Nebraska Man Wants to Ban "Boneless" Chicken Wings

Having solved all other problems in the country, including systemic racism, the pandemic, and growing unemployment, one man is tackling a problem that affects Lincoln, Nebraska, but really plagues our entire nation.

Ander Christensen recently stood up in front of the Lincoln City Council and urged the city leaders to make Lincoln a "social leader" in the country.

"We have been casually ignoring a problem that has gotten so out of control that our children are throwing around names and words without even understanding their true meaning," said Christensen. "I propose that we as a city remove the name boneless wings from our menus and from our hearts."

Oh, them's fightin' words, bub.

Boneless chicken wings are tasty and wonderful and are little nuggets of honey barbecued joy. So if you have a problem with boneless chicken wings, you've got a problem with me, and I suggest you let that marinate!

Before I get you riled up, I should mention that Christensen only has a problem with the name "boneless chicken wing," not the little nugget itself.

In a dark little corner of YouTube usually only reserved for Flat Earthers and QAnon Qrackpots, you can see a video of Christensen's speech. You can even hear someone in the crowd burst out laughing until Christensen turns around and says, "Excuse me, I'm trying to—yeah," before turning back to solve Lincoln's worst social ills.

Christensen then explained what was ruffling his tail feathers. "Nothing about boneless chicken wings come from the wing of a chicken," he said.

Yes, and "Rocky Mountain Oysters" are not actually oysters, but you can still get a basket of them for 10 bucks. And buffalo wings are not made of buffalo, but it's a mixed-up, muddled up, shook up world.

And yes, I know buffalo wings were invented in Buffalo, New York, but this only makes my point, so don't "at" me, as the kids say.

He added, "Boneless chicken wings are just chicken tenders, which are already boneless."

NO! That is a flawed premise. Chicken tenders are long, thick cuts of chicken meat. Besides, if you're going to be a stickler about things being boneless, then I take issue with the word "tender."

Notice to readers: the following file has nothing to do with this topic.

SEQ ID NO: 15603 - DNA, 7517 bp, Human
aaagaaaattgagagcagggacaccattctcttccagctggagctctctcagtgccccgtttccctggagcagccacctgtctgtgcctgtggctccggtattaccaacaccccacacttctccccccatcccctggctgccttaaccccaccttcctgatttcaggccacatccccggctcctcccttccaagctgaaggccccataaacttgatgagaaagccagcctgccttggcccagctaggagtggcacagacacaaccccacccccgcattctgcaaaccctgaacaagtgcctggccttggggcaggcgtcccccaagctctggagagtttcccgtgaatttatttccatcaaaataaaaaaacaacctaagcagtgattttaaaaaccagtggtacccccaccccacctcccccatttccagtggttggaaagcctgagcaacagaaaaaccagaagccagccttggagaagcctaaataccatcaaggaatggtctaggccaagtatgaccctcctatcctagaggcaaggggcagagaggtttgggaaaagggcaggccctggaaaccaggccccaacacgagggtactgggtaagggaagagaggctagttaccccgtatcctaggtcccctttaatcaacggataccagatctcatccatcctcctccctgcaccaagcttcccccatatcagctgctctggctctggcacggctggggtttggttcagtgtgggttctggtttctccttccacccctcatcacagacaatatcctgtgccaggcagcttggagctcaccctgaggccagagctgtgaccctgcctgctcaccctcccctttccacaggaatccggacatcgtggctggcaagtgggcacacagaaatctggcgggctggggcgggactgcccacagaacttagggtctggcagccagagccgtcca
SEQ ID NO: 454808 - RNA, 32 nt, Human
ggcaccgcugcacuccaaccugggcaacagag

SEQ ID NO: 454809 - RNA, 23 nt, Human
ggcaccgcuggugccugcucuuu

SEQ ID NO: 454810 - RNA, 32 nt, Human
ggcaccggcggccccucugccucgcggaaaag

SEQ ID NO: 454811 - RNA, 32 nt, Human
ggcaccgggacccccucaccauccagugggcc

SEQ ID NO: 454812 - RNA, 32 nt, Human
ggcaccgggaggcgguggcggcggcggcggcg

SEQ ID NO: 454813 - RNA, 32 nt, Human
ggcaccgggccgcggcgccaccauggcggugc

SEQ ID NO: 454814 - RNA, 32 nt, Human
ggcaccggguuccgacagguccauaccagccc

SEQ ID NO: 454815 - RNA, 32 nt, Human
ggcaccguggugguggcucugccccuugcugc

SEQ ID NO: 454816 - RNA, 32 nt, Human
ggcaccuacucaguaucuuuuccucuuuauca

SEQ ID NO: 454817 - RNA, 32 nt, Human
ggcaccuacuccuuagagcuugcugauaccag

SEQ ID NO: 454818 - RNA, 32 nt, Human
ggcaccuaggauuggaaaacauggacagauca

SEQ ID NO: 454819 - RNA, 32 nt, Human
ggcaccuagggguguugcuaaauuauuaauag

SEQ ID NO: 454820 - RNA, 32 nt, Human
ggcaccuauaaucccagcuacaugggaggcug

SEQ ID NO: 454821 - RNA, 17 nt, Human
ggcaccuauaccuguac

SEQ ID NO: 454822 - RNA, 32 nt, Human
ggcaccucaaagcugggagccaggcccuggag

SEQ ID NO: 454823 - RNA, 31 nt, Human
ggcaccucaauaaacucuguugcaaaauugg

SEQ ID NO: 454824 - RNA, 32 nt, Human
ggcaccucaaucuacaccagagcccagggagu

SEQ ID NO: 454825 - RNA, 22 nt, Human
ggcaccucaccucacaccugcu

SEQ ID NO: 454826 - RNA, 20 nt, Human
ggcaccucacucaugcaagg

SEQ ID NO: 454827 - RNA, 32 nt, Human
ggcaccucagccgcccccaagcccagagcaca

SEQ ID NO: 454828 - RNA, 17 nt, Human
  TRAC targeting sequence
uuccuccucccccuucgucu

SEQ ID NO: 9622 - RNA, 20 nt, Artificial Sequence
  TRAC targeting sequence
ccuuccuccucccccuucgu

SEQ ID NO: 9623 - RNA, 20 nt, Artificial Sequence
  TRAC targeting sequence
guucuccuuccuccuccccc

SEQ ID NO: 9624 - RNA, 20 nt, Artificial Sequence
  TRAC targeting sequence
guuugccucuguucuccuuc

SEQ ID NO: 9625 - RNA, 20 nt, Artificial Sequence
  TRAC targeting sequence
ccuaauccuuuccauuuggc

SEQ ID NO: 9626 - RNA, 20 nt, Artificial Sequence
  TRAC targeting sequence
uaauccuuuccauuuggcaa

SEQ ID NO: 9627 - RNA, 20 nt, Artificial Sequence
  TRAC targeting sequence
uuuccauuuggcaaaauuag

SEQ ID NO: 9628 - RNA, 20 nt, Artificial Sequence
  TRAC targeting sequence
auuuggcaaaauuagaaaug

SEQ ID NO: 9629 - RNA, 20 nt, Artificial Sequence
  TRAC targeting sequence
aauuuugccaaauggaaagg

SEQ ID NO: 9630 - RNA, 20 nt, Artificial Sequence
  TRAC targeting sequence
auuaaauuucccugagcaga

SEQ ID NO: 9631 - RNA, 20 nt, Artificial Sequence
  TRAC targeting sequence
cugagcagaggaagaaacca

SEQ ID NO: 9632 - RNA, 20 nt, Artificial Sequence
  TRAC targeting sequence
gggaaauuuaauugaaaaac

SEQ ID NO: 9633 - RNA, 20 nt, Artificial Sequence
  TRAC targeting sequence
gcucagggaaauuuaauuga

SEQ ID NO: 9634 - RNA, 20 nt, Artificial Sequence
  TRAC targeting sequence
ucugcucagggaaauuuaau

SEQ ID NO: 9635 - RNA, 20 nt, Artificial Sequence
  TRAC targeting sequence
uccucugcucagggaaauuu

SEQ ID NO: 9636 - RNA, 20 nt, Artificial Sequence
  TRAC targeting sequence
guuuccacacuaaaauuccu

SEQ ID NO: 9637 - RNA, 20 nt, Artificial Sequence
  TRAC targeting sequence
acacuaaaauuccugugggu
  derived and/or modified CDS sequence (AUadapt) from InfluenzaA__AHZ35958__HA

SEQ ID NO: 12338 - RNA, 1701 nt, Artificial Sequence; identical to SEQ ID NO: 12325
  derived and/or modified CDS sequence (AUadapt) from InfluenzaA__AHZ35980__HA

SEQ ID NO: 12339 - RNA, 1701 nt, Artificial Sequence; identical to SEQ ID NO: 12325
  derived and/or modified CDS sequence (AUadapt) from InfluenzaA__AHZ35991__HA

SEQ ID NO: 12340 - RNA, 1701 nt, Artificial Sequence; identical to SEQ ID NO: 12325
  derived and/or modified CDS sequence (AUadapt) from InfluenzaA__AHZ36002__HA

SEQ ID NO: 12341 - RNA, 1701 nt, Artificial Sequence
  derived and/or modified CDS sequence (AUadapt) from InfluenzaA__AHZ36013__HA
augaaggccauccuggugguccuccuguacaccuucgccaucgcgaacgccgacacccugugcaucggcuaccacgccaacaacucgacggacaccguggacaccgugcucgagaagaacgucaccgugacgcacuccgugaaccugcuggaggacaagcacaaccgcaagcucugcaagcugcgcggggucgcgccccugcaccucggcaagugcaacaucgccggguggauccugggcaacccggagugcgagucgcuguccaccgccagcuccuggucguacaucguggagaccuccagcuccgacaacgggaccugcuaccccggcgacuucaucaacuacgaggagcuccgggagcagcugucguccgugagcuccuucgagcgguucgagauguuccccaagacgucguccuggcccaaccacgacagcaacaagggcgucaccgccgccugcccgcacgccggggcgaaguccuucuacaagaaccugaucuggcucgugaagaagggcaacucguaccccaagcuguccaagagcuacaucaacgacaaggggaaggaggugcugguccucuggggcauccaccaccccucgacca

There isn't a part of the chicken called "the tender." You can't order a pound of tender. No one says, "He kicked me in the tender."

It's because the the term is a metaphor, like "boneless wings." They're not actually wings and neither, if you want to be picky about it, are the little drumsticks on a plate of wings. But Christensen doesn't seem to worry about that little technicality.

Besides, I ate some buffalo chicken wings today with a friend, and they were decidedly not tender. The breading was rather hard and crunchy, and not at all tender.

He rambled on, "I don't go to order boneless tacos, I don't order boneless club sandwiches, I don't ask for boneless auto repair. It's just what's expected."

This is what philosophers call reductio ad absurdum, which is Latin for "don't be an idiot."

Actually, it's Latin for "argument to absurdity" or "an appeal to extremes." It means reducing an opposing argument to its stupidest-sounding extreme because you have no real argument of your own.

Saying you don't order boneless tacos or club sandwiches is the kind of specious reasoning used by Facebook philosophers who wouldn't know a logically sound argument if they wore headphones.

I don't need to order poison-less tacos or nuclear waste-less club sandwiches, because that's absurd. We would be there all day if I had to specify which things I didn't want in my food.

The reason we have the term "boneless chicken wings" is because it's what linguists call a retronym. That's a new term created from an existing word as a way to distinguish it from the original meaning.

Take "bass guitar," for example. We already had a "guitar." but when someone invented a new guitar that played lower notes, we needed another word to distinguish it from a regular guitar. We couldn't just say, "Hand me the guitar. No, the other one." And I don't want to go into a restaurant and say "I'd like some chicken wings. No, the other kind."

Finally, the proposed ban tramples my First Amendment rights. I should be able to order my nuggets of breaded chicken with any term I want. If I want to call them boneless chicken wings, I will. If I want to call them poison-less chicken wings, that's my prerogative. And if I want to call them Freedom Wings, then by God, that's what I shall do!

It's the freedom to call chicken nuggets any name we choose that makes this nation so great. And anyone who hates boneless chicken wings hates America!

So to the Ander Christensens of the world, I say, you can have my boneless chicken wings when you pry them from my cold, sticky fingers.

Photo credit: Erik Deckers (Me. I took that photo.)

My new humor novel, Mackinac Island Nation, is finished and available on Amazon. You can get the Kindle version here or the paperback version here.